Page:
Vaccinated and Still Isolated: The Ethics of Overprotecting Nursing Home Residents

Reprinted from the Hastings Bioethics Forum

Published  17 May 2021

This article originally appeared in the Hastings Bioethics Forum on 19 April 2021 and is reprinted with permission from The Hastings Center

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The pandemic is not over, but light is beginning to crest the horizon. Vaccination rates, especially among older adults and their caregivers, are rising. As we begin to relax physical distancing requirements on restaurants and professional sports, it’s time to urgently reconsider the severe restrictions imposed on nursing home residents.

Before the pandemic, nursing homes offered not only health care, but also a social life — meals with friends, art classes, musical performances, holiday and birthday celebrations, religious services, and the opportunity to receive visitors. Suspension of these positive aspects of congregate living with the aim of protecting residents from infection has had dramatic, harmful secondary effects: lethargy, loss of appetite, physical deconditioning, cognitive decline, hopelessness, anxiety, depression, and social isolation. While these adverse effects are more difficult to quantify than Covid-19 infection rates and mortality, they must not be ignored.

Nursing homes have been epicenters of the pandemic. They present a constellation of factors that have created a perfect environment for Covid-19 to spread rapidly and take lives. Individuals who live in nursing homes are at high risk for serious illness and death from Covid-19, due to advanced age, dementia, and/or comorbid conditions. In the early months of the pandemic, nursing homes were recognized as serving a particularly vulnerable population. However, they were not prioritized for allocations of personal protective equipment or Covid-19 tests when both were in short supply. Infection-control measures focused on minimizing exposure risk by severely restricting residents’ contact with others. Visitation by family and friends, communal dining, group activities, and socializing with other residents in common areas were restricted or forbidden outright.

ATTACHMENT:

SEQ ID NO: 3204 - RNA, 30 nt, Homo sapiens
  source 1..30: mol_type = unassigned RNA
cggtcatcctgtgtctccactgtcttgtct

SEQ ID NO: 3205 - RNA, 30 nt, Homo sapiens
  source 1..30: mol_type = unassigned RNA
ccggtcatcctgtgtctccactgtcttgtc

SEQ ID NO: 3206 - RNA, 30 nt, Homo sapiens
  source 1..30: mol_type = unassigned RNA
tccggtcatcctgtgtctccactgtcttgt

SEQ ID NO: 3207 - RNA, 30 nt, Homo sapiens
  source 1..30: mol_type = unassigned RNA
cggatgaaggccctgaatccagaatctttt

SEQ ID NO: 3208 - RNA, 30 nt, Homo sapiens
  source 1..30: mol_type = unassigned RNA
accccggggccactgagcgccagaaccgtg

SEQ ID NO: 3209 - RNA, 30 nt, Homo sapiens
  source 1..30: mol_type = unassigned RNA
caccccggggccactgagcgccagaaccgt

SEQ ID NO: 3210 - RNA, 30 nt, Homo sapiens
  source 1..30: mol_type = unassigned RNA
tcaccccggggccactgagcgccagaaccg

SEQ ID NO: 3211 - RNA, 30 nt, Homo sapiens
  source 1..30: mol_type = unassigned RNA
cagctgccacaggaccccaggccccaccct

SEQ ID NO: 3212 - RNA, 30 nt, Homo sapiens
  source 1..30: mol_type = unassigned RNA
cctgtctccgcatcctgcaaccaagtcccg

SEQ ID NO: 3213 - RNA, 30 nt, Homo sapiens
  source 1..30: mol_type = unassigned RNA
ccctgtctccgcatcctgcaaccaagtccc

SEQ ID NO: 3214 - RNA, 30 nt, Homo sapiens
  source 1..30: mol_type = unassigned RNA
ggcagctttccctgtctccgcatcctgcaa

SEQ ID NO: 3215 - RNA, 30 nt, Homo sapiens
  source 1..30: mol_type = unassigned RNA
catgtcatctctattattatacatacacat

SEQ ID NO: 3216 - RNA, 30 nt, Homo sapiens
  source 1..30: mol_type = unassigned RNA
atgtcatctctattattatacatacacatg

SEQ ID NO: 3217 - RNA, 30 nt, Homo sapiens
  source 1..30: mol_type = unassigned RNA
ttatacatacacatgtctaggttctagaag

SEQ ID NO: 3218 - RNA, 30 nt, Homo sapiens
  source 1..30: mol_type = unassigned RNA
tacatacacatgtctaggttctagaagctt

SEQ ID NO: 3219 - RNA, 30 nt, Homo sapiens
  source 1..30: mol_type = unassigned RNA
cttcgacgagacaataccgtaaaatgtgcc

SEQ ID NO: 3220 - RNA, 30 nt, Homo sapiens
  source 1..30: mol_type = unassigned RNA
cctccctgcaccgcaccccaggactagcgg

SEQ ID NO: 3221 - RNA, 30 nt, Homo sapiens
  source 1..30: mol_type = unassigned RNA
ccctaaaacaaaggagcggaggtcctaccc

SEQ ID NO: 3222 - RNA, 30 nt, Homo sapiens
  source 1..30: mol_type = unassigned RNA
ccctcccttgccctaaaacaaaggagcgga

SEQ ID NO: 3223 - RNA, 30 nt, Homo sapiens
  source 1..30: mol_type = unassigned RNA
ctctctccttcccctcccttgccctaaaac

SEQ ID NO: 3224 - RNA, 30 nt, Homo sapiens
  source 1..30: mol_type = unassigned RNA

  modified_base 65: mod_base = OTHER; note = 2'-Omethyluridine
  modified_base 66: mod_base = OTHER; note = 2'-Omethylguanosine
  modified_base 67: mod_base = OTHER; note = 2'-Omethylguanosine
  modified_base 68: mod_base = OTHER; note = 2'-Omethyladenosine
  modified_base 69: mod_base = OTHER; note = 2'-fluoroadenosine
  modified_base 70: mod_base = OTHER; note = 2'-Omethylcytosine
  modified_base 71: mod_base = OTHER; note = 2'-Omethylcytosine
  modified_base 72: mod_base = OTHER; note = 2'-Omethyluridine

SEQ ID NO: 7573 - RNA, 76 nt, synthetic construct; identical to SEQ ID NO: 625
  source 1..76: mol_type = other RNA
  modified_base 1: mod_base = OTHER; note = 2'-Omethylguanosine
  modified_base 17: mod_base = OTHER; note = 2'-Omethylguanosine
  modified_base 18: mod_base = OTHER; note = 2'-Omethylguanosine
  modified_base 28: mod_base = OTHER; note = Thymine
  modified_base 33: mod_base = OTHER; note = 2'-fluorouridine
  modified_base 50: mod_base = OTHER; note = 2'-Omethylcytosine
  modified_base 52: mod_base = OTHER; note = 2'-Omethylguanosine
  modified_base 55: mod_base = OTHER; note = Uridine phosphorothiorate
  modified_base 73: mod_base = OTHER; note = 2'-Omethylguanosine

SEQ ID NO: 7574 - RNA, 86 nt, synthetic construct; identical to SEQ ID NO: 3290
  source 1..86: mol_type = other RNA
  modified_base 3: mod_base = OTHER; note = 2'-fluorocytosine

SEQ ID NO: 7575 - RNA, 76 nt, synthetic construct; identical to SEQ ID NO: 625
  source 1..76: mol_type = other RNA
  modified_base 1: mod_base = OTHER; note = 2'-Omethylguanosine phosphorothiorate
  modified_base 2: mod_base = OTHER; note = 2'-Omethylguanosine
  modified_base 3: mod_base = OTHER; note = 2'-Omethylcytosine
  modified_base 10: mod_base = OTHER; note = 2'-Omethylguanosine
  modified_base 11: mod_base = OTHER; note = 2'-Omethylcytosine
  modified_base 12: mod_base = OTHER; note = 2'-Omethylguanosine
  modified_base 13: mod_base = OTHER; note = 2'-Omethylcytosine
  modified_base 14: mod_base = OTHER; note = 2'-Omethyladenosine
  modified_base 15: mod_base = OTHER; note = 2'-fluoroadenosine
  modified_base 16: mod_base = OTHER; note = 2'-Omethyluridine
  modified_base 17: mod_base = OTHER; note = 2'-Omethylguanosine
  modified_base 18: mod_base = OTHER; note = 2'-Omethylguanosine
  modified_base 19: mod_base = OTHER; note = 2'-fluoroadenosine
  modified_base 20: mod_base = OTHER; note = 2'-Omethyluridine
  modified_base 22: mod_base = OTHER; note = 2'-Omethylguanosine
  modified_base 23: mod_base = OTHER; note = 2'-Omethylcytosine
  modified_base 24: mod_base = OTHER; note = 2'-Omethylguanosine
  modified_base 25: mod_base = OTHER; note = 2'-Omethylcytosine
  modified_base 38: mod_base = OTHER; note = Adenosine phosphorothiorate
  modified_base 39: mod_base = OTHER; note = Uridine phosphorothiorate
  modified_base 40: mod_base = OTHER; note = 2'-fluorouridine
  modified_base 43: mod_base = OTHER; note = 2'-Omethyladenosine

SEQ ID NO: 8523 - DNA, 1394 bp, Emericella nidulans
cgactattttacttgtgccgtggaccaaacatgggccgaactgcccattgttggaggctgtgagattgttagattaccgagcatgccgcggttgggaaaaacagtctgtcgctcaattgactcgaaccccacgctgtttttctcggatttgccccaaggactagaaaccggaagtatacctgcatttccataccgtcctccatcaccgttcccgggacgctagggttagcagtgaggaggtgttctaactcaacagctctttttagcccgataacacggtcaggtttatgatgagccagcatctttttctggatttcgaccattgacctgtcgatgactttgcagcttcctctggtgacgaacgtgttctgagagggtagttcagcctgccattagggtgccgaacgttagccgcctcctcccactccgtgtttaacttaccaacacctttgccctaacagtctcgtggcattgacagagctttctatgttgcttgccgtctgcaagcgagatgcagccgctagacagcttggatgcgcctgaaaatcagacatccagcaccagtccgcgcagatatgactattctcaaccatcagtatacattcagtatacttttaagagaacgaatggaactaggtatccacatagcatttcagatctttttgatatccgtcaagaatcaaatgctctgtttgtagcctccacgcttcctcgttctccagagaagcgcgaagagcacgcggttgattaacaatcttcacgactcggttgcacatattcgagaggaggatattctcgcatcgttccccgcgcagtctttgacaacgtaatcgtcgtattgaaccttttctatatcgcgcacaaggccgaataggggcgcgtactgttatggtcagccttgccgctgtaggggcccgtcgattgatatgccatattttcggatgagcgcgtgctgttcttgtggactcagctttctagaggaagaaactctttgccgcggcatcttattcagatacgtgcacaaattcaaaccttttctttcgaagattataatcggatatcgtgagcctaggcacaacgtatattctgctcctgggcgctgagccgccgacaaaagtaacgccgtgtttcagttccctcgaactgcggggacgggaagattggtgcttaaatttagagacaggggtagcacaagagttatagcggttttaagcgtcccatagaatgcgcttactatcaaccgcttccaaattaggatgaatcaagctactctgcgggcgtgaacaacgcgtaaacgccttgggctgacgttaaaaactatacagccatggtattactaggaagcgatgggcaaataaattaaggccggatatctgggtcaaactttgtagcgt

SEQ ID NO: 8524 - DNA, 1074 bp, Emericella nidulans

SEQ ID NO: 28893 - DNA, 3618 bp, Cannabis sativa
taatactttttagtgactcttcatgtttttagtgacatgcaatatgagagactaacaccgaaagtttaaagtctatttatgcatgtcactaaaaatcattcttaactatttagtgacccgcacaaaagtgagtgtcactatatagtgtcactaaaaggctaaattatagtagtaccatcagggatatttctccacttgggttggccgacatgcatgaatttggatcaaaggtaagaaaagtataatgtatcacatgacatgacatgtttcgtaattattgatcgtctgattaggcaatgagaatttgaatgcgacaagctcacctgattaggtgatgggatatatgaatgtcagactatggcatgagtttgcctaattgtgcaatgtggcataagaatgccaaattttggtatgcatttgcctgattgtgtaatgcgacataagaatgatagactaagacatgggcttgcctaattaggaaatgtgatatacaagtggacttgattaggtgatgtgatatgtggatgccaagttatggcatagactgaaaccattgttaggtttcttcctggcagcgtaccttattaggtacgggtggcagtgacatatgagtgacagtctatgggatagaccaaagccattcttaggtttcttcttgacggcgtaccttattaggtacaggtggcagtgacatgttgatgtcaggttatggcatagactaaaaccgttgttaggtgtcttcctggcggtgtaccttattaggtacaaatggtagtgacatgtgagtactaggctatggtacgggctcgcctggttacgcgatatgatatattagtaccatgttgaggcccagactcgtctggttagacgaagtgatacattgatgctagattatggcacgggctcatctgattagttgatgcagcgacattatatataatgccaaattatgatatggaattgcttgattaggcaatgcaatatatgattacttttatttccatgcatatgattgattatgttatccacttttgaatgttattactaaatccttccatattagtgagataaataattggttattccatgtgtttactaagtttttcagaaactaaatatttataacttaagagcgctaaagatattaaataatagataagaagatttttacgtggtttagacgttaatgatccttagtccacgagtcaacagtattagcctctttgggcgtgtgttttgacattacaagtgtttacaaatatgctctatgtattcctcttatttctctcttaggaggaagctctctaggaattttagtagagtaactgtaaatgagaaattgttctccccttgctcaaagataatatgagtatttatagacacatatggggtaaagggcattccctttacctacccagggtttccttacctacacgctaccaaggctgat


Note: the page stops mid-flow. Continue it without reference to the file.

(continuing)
Today, PPE and Covid tests are readily available, and nursing home residents and staff have been a top priority for the Covid vaccines. More than 75% of U.S. nursing home residents and more than 50% of staff are fully vaccinated . However, the mandatory social isolation of residents remains largely in place. While federal and state authorities have begun to lift restrictions cautiously and slowly, the urgency of the situation requires swifter action.

Many nursing home residents are suffering as a result of the loss of human contact with family and one another. As social beings, connecting to others is crucial to our mental health and well-being. While social restrictions may have been justified in the early months of the pandemic, it is no longer clear that the benefit of continued restrictions outweighs the harm.   

It is practically feasible and ethically sound to reinstitute activities that promote socialization on a more routine basis. While restrictions are loosening, there is urgency to moving forward at a brisker pace. People living in nursing homes are not being permitted the same level of freedom and choice as their fellow Americans. Due to spread in the community, it is commonplace for nursing homes to identify asymptomatic cases through routine testing of staff. With each positive test the nursing homes must suspend visitation for a period of time and place affected units in isolation for at least 14 days. In New York, where routine testing is conducted twice weekly, these cases arise frequently. In an excess of caution, health authorities sometimes require the facility to confine not only residents of affected units, but all residents to their rooms every time a positive case is identified.